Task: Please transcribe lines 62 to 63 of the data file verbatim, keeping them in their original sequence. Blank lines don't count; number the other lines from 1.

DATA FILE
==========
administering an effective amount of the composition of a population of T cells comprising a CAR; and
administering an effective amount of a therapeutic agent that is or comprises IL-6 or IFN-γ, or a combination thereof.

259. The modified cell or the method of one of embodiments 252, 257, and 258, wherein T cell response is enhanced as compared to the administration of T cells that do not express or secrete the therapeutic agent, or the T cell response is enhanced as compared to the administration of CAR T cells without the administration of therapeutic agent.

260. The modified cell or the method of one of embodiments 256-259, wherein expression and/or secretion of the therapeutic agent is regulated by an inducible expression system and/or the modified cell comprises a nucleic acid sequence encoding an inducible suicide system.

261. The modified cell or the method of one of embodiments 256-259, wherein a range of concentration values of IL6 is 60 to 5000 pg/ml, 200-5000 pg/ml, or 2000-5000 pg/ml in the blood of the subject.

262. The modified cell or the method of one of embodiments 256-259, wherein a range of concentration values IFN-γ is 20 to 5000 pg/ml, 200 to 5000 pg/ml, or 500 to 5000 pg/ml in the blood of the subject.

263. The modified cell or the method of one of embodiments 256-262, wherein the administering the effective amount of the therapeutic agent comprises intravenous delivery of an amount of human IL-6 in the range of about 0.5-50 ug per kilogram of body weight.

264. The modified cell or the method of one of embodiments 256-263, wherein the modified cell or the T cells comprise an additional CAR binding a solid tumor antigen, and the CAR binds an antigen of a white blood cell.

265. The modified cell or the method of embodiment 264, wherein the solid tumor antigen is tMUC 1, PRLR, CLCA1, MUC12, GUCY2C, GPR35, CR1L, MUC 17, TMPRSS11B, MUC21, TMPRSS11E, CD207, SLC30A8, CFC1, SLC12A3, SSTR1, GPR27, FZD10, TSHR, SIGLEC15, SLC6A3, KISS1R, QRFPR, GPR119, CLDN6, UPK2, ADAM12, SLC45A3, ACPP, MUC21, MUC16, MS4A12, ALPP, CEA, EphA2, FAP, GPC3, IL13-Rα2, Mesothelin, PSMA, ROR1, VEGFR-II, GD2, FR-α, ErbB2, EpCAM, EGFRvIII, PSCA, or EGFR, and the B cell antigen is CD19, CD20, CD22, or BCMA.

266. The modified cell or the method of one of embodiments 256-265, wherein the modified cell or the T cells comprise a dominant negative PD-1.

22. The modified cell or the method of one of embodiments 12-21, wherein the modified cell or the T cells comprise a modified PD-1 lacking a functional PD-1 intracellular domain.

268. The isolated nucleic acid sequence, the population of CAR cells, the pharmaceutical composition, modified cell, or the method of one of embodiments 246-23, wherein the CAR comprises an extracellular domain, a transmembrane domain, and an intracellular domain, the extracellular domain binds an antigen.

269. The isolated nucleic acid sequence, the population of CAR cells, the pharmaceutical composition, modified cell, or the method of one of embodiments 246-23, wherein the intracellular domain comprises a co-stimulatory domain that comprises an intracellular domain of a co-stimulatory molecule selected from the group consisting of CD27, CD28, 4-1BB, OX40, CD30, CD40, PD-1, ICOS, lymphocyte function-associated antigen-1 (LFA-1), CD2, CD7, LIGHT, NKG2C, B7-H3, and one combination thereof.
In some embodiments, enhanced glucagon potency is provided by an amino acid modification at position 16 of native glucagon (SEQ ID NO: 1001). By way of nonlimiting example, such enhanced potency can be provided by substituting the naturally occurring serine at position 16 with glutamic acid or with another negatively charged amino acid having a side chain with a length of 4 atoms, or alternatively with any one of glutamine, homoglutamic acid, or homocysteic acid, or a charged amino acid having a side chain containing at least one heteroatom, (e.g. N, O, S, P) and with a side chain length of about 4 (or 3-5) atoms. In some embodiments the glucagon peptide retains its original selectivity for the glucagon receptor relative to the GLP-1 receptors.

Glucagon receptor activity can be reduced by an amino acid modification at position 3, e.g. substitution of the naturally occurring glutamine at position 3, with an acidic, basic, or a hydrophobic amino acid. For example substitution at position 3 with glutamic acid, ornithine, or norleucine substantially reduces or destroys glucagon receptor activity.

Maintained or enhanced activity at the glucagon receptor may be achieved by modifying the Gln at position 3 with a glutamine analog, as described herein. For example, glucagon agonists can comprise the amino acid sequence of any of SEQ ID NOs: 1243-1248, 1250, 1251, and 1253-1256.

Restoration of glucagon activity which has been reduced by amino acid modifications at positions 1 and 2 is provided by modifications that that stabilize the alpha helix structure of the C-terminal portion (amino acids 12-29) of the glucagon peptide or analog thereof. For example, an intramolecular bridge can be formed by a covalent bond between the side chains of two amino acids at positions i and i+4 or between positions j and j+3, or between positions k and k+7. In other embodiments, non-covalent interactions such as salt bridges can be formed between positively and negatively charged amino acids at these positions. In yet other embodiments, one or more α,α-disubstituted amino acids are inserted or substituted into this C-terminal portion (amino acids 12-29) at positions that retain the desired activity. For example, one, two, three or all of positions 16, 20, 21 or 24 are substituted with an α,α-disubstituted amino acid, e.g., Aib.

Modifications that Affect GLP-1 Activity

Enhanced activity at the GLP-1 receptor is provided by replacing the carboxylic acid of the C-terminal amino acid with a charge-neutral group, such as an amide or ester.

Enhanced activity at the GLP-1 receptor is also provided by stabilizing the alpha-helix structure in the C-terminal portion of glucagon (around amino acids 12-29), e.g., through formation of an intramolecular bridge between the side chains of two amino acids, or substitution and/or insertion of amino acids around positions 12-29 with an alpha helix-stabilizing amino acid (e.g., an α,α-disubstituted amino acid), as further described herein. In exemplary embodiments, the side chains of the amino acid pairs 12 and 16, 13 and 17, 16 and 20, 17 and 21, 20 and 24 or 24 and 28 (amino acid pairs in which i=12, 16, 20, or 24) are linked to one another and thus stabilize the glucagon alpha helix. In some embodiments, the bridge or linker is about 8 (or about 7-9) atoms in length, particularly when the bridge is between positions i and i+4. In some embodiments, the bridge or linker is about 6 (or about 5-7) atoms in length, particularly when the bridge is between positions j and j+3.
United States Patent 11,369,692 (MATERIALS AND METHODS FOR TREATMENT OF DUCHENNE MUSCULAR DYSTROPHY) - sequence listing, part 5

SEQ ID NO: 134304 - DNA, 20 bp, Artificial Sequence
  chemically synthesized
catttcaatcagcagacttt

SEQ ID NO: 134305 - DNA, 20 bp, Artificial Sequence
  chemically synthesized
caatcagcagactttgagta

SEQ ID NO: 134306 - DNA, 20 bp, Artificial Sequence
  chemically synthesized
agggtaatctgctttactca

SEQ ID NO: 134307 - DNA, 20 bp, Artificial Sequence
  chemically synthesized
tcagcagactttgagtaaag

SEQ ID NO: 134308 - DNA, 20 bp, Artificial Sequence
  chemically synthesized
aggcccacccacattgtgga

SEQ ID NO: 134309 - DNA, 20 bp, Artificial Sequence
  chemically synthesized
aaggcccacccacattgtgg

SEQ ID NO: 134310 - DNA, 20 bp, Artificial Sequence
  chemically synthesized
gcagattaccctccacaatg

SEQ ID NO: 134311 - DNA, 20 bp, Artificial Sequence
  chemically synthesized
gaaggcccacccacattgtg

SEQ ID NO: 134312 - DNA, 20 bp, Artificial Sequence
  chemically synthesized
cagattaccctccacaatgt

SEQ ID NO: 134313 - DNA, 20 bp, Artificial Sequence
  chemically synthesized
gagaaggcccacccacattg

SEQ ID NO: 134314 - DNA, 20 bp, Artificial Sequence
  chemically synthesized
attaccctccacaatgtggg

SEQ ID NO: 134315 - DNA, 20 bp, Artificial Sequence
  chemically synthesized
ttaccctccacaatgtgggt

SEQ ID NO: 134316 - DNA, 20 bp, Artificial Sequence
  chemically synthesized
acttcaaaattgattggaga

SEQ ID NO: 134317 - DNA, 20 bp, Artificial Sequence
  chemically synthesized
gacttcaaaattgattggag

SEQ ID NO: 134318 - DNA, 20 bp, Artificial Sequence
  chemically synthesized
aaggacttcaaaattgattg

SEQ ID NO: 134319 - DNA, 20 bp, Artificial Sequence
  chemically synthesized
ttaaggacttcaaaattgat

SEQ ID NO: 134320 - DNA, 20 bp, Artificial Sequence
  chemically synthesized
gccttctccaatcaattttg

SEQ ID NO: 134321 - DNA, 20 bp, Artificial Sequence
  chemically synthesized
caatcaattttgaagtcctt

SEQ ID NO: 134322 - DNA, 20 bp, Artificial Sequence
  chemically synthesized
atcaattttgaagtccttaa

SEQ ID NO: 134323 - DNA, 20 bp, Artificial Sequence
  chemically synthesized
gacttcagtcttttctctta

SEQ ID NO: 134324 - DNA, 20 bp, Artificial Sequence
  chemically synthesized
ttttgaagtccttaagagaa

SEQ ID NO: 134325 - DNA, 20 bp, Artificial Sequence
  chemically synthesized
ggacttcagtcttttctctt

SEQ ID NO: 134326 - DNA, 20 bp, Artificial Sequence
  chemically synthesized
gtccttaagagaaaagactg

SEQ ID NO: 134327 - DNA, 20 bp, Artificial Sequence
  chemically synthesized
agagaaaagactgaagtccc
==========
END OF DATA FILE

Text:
  chemically synthesized
gacttcaaaattgattggag